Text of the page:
Conceptual, Canonical, and Raw Data Integration

i received an email with many many questions at the conceptual level of integration.  it is (to say the least) a very interesting mail, with many points that i discuss in this entry.  in this entry, i’ve posted the original statements made by the person sending me the email, along with my formal responses.  i find it a very interesting discussion, and hope that you will add your comments to the end of this post.

the email:

message: dear mr. linstedt,
i work as a data architect and started some time ago an analysis of the data vault modeling pattern and new edw architecture; actually i also purchased the first edition of your book, but now i am regretting not to have waited for the second one 🙂

so i am sorry for disturbing you this way, i just wondered if you might be interested in a short dialogue concerning a challenging, probably not very specific data integration aspect that seems to conflict *somehow* with the new edw/dv architecture rules. here it is, please feel free to decide if you want to involve yourself in this discussion:

first of all, the thoughts i would like to share with you are coming from a concrete project where we are trying to reengineer our complex data warehouse landscape. so it is real life stuff, more or less. and sorry for my verbose saga, i hope you might find it also interesting. i will try now to guide my discourse around what i understood so far from the edw/dv architecture, what i distilled from it, but ‘projected’ on my specific concern:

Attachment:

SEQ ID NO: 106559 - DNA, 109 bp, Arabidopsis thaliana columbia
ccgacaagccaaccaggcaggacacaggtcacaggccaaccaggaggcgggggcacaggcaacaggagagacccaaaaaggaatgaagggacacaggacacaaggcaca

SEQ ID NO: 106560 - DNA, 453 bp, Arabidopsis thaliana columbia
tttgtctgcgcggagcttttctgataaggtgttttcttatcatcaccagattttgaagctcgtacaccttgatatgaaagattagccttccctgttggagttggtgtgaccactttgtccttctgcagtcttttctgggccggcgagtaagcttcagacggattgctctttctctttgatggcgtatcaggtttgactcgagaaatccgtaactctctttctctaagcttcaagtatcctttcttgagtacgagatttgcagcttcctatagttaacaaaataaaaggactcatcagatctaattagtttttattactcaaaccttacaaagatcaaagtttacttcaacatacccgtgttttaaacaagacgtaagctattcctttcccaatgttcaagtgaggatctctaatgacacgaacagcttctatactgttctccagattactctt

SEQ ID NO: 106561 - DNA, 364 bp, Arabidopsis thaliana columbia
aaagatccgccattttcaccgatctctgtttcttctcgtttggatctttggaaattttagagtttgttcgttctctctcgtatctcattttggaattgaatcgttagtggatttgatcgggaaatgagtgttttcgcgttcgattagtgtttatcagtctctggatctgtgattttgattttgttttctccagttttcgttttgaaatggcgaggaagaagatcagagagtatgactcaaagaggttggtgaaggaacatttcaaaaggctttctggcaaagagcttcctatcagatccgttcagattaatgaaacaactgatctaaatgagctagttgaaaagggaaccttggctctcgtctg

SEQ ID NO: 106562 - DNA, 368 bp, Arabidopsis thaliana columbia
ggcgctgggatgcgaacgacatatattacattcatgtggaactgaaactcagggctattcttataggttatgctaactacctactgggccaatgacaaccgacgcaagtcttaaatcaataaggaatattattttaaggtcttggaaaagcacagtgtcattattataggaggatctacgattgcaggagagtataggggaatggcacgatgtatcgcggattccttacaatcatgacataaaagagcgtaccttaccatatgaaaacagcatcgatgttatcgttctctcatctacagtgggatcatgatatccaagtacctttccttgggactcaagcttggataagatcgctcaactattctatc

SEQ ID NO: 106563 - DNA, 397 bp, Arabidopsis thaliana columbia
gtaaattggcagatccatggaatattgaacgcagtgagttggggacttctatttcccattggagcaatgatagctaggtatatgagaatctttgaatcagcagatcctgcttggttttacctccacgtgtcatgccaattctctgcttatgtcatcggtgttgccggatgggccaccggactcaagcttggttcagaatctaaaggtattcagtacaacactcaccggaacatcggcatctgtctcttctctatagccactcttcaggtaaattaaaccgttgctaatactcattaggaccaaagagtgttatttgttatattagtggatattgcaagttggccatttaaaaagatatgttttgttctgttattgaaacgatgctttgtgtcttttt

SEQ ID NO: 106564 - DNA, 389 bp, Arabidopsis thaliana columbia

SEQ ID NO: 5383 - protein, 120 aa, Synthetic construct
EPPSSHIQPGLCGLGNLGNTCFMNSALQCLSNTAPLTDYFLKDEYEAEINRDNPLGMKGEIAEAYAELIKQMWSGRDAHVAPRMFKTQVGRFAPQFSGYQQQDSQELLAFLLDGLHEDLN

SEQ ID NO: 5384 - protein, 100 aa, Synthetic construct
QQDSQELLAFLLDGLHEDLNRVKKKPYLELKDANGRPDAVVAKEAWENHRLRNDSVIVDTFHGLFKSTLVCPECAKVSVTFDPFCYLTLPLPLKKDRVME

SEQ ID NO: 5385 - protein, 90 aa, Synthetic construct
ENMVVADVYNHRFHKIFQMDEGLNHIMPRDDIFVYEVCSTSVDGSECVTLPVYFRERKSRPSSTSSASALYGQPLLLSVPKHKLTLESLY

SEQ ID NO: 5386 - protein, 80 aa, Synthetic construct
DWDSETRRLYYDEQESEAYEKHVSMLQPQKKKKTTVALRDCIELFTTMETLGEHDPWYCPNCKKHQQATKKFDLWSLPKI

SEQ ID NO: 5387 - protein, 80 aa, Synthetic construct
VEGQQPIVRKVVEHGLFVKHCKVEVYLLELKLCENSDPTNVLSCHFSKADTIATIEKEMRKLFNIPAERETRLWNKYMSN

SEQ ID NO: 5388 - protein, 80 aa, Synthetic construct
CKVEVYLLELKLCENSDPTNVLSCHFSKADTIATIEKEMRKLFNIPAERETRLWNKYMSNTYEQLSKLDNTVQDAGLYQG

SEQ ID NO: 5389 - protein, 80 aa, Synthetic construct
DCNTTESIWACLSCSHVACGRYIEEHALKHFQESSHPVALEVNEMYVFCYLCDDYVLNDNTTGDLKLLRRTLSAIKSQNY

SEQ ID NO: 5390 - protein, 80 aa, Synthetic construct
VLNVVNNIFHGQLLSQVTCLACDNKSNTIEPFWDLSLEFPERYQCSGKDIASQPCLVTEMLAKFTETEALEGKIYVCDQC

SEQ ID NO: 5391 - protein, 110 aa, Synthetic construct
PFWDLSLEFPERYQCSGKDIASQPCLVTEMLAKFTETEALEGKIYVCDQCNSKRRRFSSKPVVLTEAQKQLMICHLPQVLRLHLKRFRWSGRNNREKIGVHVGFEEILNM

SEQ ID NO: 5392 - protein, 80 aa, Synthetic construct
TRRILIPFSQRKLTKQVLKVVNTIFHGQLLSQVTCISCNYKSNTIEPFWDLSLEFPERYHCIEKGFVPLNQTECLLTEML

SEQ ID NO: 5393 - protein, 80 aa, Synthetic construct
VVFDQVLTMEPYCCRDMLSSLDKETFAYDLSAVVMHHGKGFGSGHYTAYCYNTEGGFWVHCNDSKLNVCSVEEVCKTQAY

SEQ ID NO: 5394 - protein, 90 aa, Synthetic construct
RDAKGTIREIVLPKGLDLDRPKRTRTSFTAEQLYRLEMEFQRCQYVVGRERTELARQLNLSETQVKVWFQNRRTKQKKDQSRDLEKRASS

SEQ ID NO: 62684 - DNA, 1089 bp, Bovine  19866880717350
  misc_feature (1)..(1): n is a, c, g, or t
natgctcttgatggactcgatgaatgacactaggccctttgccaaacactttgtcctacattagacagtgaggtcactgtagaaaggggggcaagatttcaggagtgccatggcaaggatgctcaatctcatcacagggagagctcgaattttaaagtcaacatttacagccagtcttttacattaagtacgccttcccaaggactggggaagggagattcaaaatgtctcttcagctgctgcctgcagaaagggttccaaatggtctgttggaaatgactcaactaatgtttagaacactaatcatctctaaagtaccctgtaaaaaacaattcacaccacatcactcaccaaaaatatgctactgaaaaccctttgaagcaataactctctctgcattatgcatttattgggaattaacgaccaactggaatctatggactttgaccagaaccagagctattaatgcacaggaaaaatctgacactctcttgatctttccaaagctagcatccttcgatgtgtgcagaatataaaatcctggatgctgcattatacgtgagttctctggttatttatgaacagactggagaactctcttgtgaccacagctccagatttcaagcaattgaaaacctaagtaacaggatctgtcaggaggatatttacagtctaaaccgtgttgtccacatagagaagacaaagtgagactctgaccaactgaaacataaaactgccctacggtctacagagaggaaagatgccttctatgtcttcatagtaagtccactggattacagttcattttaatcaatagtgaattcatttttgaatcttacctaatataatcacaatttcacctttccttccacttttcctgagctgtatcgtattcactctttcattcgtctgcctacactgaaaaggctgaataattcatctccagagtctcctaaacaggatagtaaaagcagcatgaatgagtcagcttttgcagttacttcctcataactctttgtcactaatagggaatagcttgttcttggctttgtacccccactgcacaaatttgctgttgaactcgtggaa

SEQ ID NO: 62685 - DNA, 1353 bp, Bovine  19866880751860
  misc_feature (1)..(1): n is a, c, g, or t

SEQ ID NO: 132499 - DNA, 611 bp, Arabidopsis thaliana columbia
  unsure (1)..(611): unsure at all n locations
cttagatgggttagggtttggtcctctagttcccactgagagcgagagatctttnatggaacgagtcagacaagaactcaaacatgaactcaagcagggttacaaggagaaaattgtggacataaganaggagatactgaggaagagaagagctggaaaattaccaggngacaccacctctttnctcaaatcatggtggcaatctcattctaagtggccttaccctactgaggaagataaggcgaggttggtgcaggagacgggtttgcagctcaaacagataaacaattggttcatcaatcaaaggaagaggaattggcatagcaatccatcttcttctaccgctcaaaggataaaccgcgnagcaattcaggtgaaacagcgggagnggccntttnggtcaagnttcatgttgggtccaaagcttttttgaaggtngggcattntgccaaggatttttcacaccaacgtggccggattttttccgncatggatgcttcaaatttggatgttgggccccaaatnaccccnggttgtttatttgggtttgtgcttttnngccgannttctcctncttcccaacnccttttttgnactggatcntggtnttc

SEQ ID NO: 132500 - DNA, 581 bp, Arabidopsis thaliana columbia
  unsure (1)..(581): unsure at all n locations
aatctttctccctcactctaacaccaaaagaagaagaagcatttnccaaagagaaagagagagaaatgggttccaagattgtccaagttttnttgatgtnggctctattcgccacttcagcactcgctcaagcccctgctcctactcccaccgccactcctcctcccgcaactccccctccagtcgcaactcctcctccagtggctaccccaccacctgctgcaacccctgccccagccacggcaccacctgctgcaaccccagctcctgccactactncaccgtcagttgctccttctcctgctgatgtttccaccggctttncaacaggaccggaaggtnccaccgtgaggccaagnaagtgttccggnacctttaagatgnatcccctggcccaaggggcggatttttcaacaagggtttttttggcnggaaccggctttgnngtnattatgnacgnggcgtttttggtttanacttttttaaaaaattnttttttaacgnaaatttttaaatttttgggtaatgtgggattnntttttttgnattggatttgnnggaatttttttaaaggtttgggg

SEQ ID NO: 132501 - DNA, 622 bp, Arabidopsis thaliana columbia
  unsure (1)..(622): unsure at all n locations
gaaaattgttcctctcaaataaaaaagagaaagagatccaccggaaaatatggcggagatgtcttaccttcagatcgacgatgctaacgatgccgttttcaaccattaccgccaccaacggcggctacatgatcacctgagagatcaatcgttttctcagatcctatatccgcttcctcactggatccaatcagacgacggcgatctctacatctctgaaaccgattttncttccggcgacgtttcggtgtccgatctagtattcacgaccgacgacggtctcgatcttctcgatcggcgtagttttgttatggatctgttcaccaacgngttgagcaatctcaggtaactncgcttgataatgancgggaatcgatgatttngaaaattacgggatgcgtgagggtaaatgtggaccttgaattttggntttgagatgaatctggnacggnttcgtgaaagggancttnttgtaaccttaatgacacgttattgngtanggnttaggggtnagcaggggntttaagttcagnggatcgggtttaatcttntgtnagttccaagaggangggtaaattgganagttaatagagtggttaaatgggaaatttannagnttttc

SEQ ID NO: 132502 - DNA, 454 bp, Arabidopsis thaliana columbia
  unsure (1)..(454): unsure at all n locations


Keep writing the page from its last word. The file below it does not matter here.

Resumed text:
1. first of all, it seems non debatable to me that the data vault pattern equals in terms of a software artifact to a “canonical data modeling pattern”. hubs, satellites and links are the components of the pattern and there are more or less formal rules and degrees of freedom to instantiate the pattern. it is like a higher, but semantically structured! normal form.

2. the pattern clearly separates ‘identity concerns’, the hub (with its business key), from temporal-variant and temporal-invariant aspects (different satellites) and offers an extendable mean to evolve the schema, by giving a uniform representation. so far, so good. but a subtle problem already arises, which i didn’t find very well articulated anywhere, so here is my current position: what should be actually the conceptual instantiation of the hubs ?